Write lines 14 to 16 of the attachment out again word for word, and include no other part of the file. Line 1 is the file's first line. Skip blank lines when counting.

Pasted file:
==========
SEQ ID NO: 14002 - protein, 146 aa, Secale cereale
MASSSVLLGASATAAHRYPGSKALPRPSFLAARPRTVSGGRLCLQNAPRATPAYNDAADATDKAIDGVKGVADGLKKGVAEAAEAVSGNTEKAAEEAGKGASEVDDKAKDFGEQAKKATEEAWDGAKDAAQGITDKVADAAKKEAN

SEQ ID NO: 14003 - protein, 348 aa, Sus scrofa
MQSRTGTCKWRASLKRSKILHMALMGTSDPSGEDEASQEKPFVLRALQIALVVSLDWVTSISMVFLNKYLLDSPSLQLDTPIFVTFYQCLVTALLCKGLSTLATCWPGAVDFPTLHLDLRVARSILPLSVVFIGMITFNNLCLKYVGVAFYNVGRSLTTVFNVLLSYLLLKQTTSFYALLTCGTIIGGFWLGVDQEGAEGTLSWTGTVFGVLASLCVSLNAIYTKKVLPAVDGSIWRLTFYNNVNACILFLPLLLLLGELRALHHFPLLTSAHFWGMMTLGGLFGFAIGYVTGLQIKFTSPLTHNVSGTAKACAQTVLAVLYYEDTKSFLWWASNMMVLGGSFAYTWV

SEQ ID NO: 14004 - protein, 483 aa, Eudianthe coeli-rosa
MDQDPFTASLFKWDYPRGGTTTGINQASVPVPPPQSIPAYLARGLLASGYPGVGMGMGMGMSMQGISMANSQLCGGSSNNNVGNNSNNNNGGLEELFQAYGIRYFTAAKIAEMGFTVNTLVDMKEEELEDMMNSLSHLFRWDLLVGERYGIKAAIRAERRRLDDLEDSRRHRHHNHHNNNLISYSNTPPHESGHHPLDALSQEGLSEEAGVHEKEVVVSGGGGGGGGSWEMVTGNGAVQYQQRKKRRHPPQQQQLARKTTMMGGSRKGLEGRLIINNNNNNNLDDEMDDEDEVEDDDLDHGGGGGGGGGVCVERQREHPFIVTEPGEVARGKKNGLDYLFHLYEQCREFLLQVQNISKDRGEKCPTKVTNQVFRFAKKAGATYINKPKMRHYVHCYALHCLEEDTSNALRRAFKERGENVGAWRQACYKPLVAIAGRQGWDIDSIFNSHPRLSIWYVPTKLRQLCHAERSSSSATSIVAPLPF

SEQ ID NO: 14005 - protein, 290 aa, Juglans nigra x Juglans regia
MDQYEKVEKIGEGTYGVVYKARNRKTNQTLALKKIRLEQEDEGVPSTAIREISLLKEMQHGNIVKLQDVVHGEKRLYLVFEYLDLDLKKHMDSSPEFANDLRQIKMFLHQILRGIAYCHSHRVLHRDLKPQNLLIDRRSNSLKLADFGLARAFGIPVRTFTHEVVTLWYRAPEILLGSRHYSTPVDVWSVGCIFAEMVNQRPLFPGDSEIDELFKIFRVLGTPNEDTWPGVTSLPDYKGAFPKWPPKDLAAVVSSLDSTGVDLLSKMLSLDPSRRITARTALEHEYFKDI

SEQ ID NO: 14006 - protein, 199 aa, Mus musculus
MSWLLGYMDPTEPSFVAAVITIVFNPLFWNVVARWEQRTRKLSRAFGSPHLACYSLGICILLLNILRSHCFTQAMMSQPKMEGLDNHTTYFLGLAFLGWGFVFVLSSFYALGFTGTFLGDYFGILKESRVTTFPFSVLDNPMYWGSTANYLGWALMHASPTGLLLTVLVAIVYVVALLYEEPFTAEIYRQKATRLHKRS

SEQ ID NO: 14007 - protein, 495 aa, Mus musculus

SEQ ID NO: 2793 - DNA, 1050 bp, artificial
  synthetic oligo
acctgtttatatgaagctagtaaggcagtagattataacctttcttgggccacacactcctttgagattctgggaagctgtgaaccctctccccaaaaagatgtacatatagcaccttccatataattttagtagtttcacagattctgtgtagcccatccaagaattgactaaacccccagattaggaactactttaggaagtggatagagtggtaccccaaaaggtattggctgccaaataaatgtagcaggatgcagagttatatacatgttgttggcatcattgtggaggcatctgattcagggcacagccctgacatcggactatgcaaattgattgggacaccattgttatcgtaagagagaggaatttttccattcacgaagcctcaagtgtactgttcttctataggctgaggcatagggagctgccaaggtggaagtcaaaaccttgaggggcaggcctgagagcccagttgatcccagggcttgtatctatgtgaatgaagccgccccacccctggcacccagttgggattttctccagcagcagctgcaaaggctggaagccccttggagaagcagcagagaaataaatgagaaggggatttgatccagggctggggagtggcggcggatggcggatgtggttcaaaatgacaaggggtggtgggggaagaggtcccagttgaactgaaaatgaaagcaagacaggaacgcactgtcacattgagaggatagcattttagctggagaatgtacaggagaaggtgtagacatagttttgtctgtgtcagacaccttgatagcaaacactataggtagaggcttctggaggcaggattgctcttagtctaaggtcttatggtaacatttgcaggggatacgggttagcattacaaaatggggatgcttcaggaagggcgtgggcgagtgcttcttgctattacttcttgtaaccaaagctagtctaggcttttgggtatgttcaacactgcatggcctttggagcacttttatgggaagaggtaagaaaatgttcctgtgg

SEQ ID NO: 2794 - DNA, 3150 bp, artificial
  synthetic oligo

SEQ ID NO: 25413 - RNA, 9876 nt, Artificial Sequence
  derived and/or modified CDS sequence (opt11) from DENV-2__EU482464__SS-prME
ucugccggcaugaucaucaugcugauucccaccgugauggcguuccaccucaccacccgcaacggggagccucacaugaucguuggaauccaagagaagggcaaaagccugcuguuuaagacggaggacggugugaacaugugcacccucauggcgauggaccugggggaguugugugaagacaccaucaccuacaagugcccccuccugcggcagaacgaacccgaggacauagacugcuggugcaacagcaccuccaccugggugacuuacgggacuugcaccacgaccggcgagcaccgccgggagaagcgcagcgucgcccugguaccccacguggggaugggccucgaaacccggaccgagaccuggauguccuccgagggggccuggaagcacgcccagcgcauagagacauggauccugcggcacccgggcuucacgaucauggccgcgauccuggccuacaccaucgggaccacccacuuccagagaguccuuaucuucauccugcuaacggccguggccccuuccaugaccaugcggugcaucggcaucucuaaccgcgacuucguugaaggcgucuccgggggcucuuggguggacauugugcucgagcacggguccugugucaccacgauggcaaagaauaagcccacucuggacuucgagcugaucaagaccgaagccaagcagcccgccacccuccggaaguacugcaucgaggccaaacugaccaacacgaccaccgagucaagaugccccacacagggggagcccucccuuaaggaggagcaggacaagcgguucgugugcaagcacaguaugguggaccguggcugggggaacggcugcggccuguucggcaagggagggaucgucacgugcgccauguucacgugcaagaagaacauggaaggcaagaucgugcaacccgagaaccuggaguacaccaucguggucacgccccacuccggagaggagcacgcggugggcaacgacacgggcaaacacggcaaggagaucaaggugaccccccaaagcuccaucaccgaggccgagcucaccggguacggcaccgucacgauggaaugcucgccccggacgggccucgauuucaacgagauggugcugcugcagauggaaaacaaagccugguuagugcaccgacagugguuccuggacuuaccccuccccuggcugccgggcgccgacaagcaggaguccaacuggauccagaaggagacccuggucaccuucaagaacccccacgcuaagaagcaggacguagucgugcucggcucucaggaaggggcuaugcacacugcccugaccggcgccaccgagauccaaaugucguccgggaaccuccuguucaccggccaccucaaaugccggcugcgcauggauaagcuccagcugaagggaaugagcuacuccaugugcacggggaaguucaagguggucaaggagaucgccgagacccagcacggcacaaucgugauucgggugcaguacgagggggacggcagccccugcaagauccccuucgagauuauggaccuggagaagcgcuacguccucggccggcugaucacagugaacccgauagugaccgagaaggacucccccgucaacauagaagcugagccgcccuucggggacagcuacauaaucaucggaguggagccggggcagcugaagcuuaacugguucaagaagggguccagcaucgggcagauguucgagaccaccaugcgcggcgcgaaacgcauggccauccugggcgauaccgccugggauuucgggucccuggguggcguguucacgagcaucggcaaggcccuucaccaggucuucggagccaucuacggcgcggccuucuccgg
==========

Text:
acctgtttatatgaagctagtaaggcagtagattataacctttcttgggccacacactcctttgagattctgggaagctgtgaaccctctccccaaaaagatgtacatatagcaccttccatataattttagtagtttcacagattctgtgtagcccatccaagaattgactaaacccccagattaggaactactttaggaagtggatagagtggtaccccaaaaggtattggctgccaaataaatgtagcaggatgcagagttatatacatgttgttggcatcattgtggaggcatctgattcagggcacagccctgacatcggactatgcaaattgattgggacaccattgttatcgtaagagagaggaatttttccattcacgaagcctcaagtgtactgttcttctataggctgaggcatagggagctgccaaggtggaagtcaaaaccttgaggggcaggcctgagagcccagttgatcccagggcttgtatctatgtgaatgaagccgccccacccctggcacccagttgggattttctccagcagcagctgcaaaggctggaagccccttggagaagcagcagagaaataaatgagaaggggatttgatccagggctggggagtggcggcggatggcggatgtggttcaaaatgacaaggggtggtgggggaagaggtcccagttgaactgaaaatgaaagcaagacaggaacgcactgtcacattgagaggatagcattttagctggagaatgtacaggagaaggtgtagacatagttttgtctgtgtcagacaccttgatagcaaacactataggtagaggcttctggaggcaggattgctcttagtctaaggtcttatggtaacatttgcaggggatacgggttagcattacaaaatggggatgcttcaggaagggcgtgggcgagtgcttcttgctattacttcttgtaaccaaagctagtctaggcttttgggtatgttcaacactgcatggcctttggagcacttttatgggaagaggtaagaaaatgttcctgtgg

SEQ ID NO: 2794 - DNA, 3150 bp, artificial
  synthetic oligo